Photo: Moti Kimchi
Limor Livnat
Photo: Moti Kimchi

Netanyahu must heed the will of all the people

Ultimately, no one is better than the prime minister knowing how to read a room and reach those in it; so now, at the peak of his victory, he must do what all great leaders do and strive for unity.

The flashy fireworks that broke out in the wee hours of election night behind Benjamin and Sara Netanyahu were more than appropriate. I cannot remember such a scene in any other election campaign - certainly not in 1977, when Menachem Begin was elected prime minister and ended almost 30 years of Labor domination nor in Netanyahu's historic victory over Shimon Peres in 1996. But the current elections were really something else.



Netanyahu stood alone against three retired IDF chiefs, after the attorney general announced that he intended to file serious corruption charges against him, pending a hearing, with the media constantly coming up with new or recycled information to reinforce these allegations. And despite it all, he won.


The Netanyahus celebrate with fireworks on election night (Photo: Reuters)
The Netanyahus celebrate with fireworks on election night (Photo: Reuters)


Benny Gantz, Yair Lapid, Moshe Ya'alon and Gabi Ashkenazi ran from studio to studio to trot out the same message: "The people want change," they said. "Enough of Bibi," they said. "He has to go," they said.  


And Netanyahu? Alone save for a virtuoso talent shared by just a few people in the entire world, he made the audience forget these allegations of corruption by changing the agenda. He knew to arrange for Donald Trump to recognize Israel's sovereignty over the Golan to coincide with a campaign that not even Hamas rockets succeeded in derailing.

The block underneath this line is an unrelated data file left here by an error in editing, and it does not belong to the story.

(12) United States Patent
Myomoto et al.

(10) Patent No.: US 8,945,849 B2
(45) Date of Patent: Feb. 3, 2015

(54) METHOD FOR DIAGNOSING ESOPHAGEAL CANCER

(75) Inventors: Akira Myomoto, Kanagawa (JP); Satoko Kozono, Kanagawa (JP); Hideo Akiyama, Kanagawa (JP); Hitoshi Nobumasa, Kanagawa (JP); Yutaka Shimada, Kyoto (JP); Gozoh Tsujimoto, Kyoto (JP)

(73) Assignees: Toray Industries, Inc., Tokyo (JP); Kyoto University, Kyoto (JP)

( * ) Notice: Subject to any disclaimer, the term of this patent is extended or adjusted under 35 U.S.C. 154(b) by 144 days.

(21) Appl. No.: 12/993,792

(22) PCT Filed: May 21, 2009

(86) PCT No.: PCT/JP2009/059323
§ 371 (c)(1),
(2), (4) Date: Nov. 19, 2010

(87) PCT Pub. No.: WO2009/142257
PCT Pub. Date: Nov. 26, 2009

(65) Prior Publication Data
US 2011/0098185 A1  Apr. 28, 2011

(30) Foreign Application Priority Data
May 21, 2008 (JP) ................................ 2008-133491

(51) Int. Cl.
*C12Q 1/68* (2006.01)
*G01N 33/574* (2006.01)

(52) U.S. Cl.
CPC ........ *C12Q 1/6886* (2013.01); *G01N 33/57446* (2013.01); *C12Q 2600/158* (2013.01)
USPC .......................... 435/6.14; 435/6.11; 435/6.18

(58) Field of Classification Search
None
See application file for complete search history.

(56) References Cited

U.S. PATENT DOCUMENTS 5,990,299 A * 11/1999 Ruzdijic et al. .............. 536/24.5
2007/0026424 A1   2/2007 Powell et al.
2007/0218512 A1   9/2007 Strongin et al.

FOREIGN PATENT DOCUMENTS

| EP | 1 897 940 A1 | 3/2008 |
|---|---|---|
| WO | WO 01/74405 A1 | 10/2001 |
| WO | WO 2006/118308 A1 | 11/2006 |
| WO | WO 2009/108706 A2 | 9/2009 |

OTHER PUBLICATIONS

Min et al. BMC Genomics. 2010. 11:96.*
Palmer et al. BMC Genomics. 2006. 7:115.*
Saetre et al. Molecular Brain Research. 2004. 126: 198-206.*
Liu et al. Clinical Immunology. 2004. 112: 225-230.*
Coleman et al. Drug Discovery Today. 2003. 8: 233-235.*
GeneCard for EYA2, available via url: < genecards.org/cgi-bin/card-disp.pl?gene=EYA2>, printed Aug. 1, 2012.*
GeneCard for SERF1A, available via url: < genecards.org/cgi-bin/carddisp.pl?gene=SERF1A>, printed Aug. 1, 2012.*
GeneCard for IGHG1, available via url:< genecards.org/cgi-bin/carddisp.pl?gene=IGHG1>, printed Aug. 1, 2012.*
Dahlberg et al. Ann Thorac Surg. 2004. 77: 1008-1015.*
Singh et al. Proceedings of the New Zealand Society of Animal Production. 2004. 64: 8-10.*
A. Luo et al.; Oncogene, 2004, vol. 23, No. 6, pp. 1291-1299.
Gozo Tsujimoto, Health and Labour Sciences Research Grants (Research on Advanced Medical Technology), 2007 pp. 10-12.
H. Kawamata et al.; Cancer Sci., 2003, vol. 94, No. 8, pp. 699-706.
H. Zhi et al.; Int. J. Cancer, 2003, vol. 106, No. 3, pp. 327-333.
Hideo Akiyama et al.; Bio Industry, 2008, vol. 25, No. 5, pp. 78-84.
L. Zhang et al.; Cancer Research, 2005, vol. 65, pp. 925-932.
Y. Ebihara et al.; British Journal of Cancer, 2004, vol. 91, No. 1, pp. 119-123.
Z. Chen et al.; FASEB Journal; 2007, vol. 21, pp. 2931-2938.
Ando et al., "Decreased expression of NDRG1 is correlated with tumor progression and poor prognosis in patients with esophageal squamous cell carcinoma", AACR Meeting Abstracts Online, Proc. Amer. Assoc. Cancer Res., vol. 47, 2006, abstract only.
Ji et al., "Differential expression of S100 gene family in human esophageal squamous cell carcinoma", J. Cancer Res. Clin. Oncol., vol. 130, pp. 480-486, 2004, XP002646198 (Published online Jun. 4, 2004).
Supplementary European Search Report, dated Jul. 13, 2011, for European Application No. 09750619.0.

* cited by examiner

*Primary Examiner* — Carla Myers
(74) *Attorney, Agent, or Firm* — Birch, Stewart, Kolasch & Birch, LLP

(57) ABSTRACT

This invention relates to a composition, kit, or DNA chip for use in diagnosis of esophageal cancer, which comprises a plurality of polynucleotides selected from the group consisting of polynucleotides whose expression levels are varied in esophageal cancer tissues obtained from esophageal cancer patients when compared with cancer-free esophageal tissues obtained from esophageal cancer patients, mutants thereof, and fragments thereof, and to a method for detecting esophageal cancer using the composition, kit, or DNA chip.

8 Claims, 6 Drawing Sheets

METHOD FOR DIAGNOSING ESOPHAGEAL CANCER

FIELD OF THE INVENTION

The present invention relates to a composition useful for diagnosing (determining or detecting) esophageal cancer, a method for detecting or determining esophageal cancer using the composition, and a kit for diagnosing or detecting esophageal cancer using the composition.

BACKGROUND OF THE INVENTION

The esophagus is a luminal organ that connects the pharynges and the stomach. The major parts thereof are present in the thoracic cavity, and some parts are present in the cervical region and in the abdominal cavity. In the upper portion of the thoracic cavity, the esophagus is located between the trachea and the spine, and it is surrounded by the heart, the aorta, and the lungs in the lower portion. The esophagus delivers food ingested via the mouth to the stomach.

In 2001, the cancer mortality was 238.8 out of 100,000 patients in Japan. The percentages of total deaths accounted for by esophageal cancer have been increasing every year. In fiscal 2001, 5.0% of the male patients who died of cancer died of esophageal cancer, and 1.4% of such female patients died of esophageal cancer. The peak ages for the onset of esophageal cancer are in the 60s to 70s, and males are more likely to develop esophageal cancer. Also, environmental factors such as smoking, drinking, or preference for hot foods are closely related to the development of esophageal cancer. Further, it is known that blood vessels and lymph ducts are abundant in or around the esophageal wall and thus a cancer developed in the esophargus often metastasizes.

Only Netanyahu decides. When he so desires, he brings his senior Likud party members in close or pushes them away. He runs his campaigns alone; a super-expert who does not rely on the advice of gurus. 


He is the chief strategist and I would not be surprised if he is the lead writer on most of his speeches.


For four years he was not interviewed in Israel except on Channel 20. Until he launched his strategy and in the final two days of the campaign unleashed a blitzkrieg of interviews. He set studios ablaze with emotion and burning passion.


The voters believe and identify with him, and thus convinced, go out to persuade others. While I have not kept silent with my own criticism for some of his moves, the incendiary videos and statements may ultimately have contributed to his victory. As always, I voted Likud, and I am happy with the victory, but I stand by my criticism.


In the face of Netanyahu's effective messaging, Blue and White had a weak election campaign, hesitant, apologetic and lacking any determination.


Blue and White leaders had various opportunities, and they missed most if not all of them. The final fiasco - Gantz's victory speech - did not change the outcome of the vote, but left an image that tells the whole story.


Benny Gantz on election night  (Photo: Reuters)
Benny Gantz on election night (Photo: Reuters)


Gantz declared in his speech that "the people have spoken." The people had, and what they said was "Netanyahu." The following morning Gantz was interviewed outside his home and he claimed that "the people support us." Could it be that the Blue and White party does not understand who the people are?


But now, at the height of his great victory, Netanyahu must do what a great leader does. His victory speech, in which he declared that he would be the prime minister of all Israelis, was an excellent start to his fifth term.


The next step should be a unity government, which will allow him to lead a coalition of more than six or seven small parties. In all modesty, it seems to me that when the two big parties have the same number of seats, this is truly the will of the people.


פרסום ראשון: 04.11.19, 23:05
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